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Boys Don’t Cry!


Part 1: Taking a Position

  1. Explain the first part of the activity to the children:
  2. The room has been divided into four corners. Each corner is marked with a chart: I agree / I don’t know / I am still thinking / I disagree.
  3. You will read out three different statements, one by one. The children take a position in a corner according to if they agree, disagree, have no opinion, or need more time to think.
  4. Read out the first statement and wait till the children have chosen a position. Then ask children from different corners why they choose this position. Invite children to change ' positions if they change their mind after hearing others’ reasons. Repeat this process ' for all three statements.
  5. Bring children back into one group and discuss this part of the activity:
  6. Did anything about this activity surprise you?
  7. Why do you think people had different opinions about these statements?
  8. Did anyone’s reasons lead you to change your position? Why?
  9. How can we know which position is ‘right’?

Part 2: Acting out a Position

  1. Divide the children into small groups of no more than five and give each group a different statement. Explain that each group has about fifteen minutes to read their statement, discuss it, and create a short sketch (a mini play) that gives a message about this statement.
  2. Ask each group to present their sketch. After each presentation, ask the audience what message they think the presentation was intended to give. Then ask the presenting group what message they wanted to make.

Debriefing and Evaluation

  1. Discuss the effects of gender stereotypes, asking questions such as these:
    • What was similar about these statements? Do you know of other statements like these?
    • Are there different rules and expectations for boys or girls in this group? In the classroom or in school? In the family? Does this make sense?
    • Can you think of other ideas about how boys or girls are supposed to be or what they are supposed to do? Do similar ideas exist in other parts of our country? Of Europe? Of the world?
    • What happens when a boy or girl doesn’t agree with these ideas and wants to be or act differently? Have you ever been in a situation like that? How did you feel? What did you do?
    • Do ideas about how males and females are expected to be affect adults as well as children?
  2. Relate gender stereotypes to discrimination, asking questions such as these:
    • How do these ideas about males and females limit our choices? Can you give some examples?
    • How do these limitations affect our human rights?
    • What can we do in the future so that boys and girls can act more freely the way they want to?

Suggestions for follow-up

  • The activity ‘What a Wonderful World’, p. 182, focuses on appearances and realities.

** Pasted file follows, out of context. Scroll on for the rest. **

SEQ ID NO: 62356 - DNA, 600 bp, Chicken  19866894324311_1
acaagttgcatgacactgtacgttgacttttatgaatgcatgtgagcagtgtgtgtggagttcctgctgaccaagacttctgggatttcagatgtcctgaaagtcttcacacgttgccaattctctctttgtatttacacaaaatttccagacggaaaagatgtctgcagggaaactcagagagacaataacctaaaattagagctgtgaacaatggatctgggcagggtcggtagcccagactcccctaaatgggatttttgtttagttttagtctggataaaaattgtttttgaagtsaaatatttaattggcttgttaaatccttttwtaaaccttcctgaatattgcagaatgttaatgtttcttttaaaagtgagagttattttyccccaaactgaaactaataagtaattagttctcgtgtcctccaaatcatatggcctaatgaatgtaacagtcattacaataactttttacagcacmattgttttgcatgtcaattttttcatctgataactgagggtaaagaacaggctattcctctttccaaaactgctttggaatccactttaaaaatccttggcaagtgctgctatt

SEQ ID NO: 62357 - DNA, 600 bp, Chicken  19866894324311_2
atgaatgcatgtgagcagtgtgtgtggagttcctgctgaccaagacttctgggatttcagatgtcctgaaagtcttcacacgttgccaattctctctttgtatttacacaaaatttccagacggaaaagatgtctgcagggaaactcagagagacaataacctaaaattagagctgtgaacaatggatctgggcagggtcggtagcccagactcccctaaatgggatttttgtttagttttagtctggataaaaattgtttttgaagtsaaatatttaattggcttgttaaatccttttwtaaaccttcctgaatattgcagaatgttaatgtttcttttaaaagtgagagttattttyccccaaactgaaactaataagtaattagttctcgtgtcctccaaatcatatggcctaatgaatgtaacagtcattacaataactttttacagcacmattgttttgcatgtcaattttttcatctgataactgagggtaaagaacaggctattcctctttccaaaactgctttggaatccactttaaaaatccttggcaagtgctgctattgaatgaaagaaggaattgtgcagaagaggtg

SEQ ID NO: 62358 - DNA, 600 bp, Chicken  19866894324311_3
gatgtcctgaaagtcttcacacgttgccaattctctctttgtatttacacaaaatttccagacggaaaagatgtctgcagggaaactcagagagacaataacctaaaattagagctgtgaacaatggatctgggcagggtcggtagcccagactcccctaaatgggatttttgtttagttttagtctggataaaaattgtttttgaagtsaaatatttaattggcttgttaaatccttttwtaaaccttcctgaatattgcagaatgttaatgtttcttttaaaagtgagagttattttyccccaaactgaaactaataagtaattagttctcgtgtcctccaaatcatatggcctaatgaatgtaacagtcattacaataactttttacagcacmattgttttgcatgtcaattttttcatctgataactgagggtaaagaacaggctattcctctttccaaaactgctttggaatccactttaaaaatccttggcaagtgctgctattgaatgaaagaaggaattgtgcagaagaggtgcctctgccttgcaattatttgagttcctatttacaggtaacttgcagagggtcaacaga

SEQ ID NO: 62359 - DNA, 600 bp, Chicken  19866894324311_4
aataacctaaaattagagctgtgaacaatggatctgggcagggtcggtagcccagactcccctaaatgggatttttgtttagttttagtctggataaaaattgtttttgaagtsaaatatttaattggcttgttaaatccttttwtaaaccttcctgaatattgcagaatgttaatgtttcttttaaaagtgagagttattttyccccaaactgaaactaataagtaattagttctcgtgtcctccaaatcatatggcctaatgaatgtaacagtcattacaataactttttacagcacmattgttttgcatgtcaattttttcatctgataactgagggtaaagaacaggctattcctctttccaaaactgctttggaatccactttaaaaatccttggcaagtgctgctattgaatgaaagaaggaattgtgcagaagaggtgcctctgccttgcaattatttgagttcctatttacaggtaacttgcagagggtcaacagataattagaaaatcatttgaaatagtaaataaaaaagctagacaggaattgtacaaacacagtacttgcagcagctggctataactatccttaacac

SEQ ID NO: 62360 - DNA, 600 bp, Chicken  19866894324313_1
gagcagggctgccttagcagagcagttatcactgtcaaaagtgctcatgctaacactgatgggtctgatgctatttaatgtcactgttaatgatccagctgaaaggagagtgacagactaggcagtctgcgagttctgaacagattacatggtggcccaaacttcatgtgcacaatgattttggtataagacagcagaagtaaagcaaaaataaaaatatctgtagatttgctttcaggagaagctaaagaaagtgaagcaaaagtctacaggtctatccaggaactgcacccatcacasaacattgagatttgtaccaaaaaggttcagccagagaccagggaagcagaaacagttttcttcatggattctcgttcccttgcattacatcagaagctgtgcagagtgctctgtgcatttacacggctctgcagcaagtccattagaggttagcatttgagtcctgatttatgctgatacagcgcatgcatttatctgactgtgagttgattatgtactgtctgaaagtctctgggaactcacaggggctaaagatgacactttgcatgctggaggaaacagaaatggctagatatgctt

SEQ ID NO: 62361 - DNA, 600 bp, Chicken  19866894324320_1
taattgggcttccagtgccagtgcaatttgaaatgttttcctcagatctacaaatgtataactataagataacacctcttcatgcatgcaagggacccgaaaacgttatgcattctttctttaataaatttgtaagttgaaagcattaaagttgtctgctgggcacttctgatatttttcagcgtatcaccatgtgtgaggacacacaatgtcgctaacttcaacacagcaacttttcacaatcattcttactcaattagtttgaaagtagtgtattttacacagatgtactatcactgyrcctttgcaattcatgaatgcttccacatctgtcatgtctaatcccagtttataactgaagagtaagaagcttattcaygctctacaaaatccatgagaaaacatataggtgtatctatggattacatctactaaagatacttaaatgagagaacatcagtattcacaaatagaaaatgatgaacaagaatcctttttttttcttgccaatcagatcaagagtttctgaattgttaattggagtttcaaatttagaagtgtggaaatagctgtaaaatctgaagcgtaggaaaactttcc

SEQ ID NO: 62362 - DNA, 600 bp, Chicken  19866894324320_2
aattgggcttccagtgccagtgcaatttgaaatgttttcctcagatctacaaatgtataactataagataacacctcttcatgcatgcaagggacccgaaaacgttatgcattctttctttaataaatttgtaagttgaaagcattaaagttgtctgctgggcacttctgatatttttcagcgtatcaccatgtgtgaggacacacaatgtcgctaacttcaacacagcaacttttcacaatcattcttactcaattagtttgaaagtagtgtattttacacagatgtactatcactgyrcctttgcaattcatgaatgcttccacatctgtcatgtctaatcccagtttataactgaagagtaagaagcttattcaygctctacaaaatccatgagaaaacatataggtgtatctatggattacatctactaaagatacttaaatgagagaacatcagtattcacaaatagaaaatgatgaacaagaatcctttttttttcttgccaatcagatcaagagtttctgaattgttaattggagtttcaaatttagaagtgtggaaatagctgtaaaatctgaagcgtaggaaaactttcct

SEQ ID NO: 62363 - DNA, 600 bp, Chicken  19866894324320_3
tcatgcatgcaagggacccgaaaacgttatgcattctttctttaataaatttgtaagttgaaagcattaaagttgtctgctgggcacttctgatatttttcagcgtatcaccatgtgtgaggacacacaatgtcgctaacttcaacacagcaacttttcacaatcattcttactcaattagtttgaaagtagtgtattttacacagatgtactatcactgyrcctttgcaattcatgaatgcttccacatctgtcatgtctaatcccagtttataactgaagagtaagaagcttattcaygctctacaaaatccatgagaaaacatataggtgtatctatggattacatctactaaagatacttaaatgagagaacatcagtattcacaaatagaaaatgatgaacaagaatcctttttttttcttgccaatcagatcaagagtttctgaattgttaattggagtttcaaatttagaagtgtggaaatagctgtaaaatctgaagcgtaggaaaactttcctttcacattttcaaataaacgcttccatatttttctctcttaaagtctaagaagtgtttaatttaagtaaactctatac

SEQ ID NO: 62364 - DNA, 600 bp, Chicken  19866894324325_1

• The activity ‘Once Upon a Time...’, p. 125, also deals with gender stereotypes.

Ideas for action

Develop with the children a kind of personal ‘code of conduct’ for how people in the group should behave towards each other and how to ensure that girls and boys are treated equally. Mount it on the wall and refer to it when conflicts occur within the group.

Tips for the facilitator

  • Be careful not to reinforce the stereotypes this activity seeks to address. Be aware of your own prejudices and stereotypes relating to gender and how you may convey them to children as a facilitator for the group.
  • Choose statements that show how, although girls and boys are physically different, they have equal rights. Choose statements controversial enough to elicit differences of opinions.
  • Avoid polarising girls and boys. Depending on the group, you might create single-sex groups or sex-balanced groups for the sketches.
  • Parents’ attitudes strongly influence those of children. You may hear both positive and negative reactions from parents about this activity.


  • To shorten the activity run only the part most relevant to your group.
  • Rather than creating a sketch, ask the children to make a visual presentation (e.g. a drawing, cartoons, a collage with pictures from magazines, etc).


  • Puppets are only for girls.
  • Boys don’t cry.
  • Boys don’t wear skirts.
  • A girl cannot be the boss.
  • Only boys play football.
  • Girls are weak and boys are strong.
  • Girls help their mothers. Boys help their fathers.
  • It is better to be a girl then a boy.
  • When something goes wrong, boys are always blamed first.
  • Boys can say ‘dirty words’, but girls can’t.
  • Girls are smarter then boys.
  • Girls win in fights because they fight ‘dirty’.
  • It is OK for boys to hit each other, but not for girls.
  • Boys are lazier then girls.
  • Girls are better liars then boys

Method Details

Learning Space
In Person Training
90 minutes
Group Size & Age
8-20 children 8-13 years
Papers for signs, slips of paper for statements
Created by

This method addresses

Added by

Kemal Erdoğan

Member since 1 year ago
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